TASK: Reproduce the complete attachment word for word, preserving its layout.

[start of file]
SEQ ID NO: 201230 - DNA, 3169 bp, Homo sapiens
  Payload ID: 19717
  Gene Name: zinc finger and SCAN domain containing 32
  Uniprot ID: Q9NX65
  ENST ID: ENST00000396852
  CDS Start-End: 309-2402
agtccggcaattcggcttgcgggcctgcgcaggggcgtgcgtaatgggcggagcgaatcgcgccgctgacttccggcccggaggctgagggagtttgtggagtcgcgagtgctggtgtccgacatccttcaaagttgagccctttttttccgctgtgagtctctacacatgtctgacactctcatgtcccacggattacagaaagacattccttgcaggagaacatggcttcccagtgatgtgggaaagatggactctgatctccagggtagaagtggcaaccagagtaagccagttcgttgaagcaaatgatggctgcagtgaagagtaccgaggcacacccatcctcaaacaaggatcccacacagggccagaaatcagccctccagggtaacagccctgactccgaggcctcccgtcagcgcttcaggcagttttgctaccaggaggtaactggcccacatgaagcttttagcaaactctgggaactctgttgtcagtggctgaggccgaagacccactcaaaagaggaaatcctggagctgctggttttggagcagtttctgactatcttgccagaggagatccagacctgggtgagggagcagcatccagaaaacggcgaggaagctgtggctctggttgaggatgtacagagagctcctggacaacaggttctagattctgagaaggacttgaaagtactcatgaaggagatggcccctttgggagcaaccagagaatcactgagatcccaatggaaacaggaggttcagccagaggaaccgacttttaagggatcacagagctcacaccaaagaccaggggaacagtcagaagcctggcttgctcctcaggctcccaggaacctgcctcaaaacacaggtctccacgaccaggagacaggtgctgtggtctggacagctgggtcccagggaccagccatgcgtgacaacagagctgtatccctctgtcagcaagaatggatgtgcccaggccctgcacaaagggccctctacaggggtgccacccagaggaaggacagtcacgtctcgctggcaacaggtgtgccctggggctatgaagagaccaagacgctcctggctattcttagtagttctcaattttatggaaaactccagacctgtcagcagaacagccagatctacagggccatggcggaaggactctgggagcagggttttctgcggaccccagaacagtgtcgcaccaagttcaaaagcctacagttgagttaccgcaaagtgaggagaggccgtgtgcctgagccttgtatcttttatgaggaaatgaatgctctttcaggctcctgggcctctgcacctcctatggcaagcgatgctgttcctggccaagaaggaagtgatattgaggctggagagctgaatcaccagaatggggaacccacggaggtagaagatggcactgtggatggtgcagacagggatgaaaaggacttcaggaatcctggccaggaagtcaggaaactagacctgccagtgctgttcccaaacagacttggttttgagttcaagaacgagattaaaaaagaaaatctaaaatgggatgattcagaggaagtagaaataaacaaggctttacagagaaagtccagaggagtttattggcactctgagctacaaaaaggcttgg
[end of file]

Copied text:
SEQ ID NO: 201230 - DNA, 3169 bp, Homo sapiens
  Payload ID: 19717
  Gene Name: zinc finger and SCAN domain containing 32
  Uniprot ID: Q9NX65
  ENST ID: ENST00000396852
  CDS Start-End: 309-2402
agtccggcaattcggcttgcgggcctgcgcaggggcgtgcgtaatgggcggagcgaatcgcgccgctgacttccggcccggaggctgagggagtttgtggagtcgcgagtgctggtgtccgacatccttcaaagttgagccctttttttccgctgtgagtctctacacatgtctgacactctcatgtcccacggattacagaaagacattccttgcaggagaacatggcttcccagtgatgtgggaaagatggactctgatctccagggtagaagtggcaaccagagtaagccagttcgttgaagcaaatgatggctgcagtgaagagtaccgaggcacacccatcctcaaacaaggatcccacacagggccagaaatcagccctccagggtaacagccctgactccgaggcctcccgtcagcgcttcaggcagttttgctaccaggaggtaactggcccacatgaagcttttagcaaactctgggaactctgttgtcagtggctgaggccgaagacccactcaaaagaggaaatcctggagctgctggttttggagcagtttctgactatcttgccagaggagatccagacctgggtgagggagcagcatccagaaaacggcgaggaagctgtggctctggttgaggatgtacagagagctcctggacaacaggttctagattctgagaaggacttgaaagtactcatgaaggagatggcccctttgggagcaaccagagaatcactgagatcccaatggaaacaggaggttcagccagaggaaccgacttttaagggatcacagagctcacaccaaagaccaggggaacagtcagaagcctggcttgctcctcaggctcccaggaacctgcctcaaaacacaggtctccacgaccaggagacaggtgctgtggtctggacagctgggtcccagggaccagccatgcgtgacaacagagctgtatccctctgtcagcaagaatggatgtgcccaggccctgcacaaagggccctctacaggggtgccacccagaggaaggacagtcacgtctcgctggcaacaggtgtgccctggggctatgaagagaccaagacgctcctggctattcttagtagttctcaattttatggaaaactccagacctgtcagcagaacagccagatctacagggccatggcggaaggactctgggagcagggttttctgcggaccccagaacagtgtcgcaccaagttcaaaagcctacagttgagttaccgcaaagtgaggagaggccgtgtgcctgagccttgtatcttttatgaggaaatgaatgctctttcaggctcctgggcctctgcacctcctatggcaagcgatgctgttcctggccaagaaggaagtgatattgaggctggagagctgaatcaccagaatggggaacccacggaggtagaagatggcactgtggatggtgcagacagggatgaaaaggacttcaggaatcctggccaggaagtcaggaaactagacctgccagtgctgttcccaaacagacttggttttgagttcaagaacgagattaaaaaagaaaatctaaaatgggatgattcagaggaagtagaaataaacaaggctttacagagaaagtccagaggagtttattggcactctgagctacaaaaaggcttgg